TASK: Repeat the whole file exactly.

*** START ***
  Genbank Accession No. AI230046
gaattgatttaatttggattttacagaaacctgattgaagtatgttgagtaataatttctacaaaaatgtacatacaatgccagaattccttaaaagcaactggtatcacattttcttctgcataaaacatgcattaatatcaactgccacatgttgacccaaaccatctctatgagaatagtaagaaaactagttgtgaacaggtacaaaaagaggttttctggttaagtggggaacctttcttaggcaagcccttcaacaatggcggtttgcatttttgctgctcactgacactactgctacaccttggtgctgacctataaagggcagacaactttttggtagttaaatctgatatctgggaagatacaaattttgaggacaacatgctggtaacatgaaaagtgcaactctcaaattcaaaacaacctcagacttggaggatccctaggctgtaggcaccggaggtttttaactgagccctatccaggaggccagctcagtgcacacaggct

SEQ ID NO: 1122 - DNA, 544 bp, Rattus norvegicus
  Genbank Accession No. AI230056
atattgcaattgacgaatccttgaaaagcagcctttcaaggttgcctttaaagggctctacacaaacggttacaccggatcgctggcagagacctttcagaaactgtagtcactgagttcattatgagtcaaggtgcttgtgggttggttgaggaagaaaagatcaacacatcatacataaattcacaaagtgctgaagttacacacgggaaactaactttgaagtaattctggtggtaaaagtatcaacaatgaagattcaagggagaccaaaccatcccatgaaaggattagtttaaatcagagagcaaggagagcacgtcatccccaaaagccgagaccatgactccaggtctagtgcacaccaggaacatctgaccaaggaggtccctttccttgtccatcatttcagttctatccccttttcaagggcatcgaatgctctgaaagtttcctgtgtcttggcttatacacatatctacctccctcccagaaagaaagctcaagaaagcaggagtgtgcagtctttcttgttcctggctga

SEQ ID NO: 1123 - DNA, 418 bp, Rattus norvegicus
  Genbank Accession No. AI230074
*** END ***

  Genbank Accession No. AI230046
gaattgatttaatttggattttacagaaacctgattgaagtatgttgagtaataatttctacaaaaatgtacatacaatgccagaattccttaaaagcaactggtatcacattttcttctgcataaaacatgcattaatatcaactgccacatgttgacccaaaccatctctatgagaatagtaagaaaactagttgtgaacaggtacaaaaagaggttttctggttaagtggggaacctttcttaggcaagcccttcaacaatggcggtttgcatttttgctgctcactgacactactgctacaccttggtgctgacctataaagggcagacaactttttggtagttaaatctgatatctgggaagatacaaattttgaggacaacatgctggtaacatgaaaagtgcaactctcaaattcaaaacaacctcagacttggaggatccctaggctgtaggcaccggaggtttttaactgagccctatccaggaggccagctcagtgcacacaggct

SEQ ID NO: 1122 - DNA, 544 bp, Rattus norvegicus
  Genbank Accession No. AI230056
atattgcaattgacgaatccttgaaaagcagcctttcaaggttgcctttaaagggctctacacaaacggttacaccggatcgctggcagagacctttcagaaactgtagtcactgagttcattatgagtcaaggtgcttgtgggttggttgaggaagaaaagatcaacacatcatacataaattcacaaagtgctgaagttacacacgggaaactaactttgaagtaattctggtggtaaaagtatcaacaatgaagattcaagggagaccaaaccatcccatgaaaggattagtttaaatcagagagcaaggagagcacgtcatccccaaaagccgagaccatgactccaggtctagtgcacaccaggaacatctgaccaaggaggtccctttccttgtccatcatttcagttctatccccttttcaagggcatcgaatgctctgaaagtttcctgtgtcttggcttatacacatatctacctccctcccagaaagaaagctcaagaaagcaggagtgtgcagtctttcttgttcctggctga

SEQ ID NO: 1123 - DNA, 418 bp, Rattus norvegicus
  Genbank Accession No. AI230074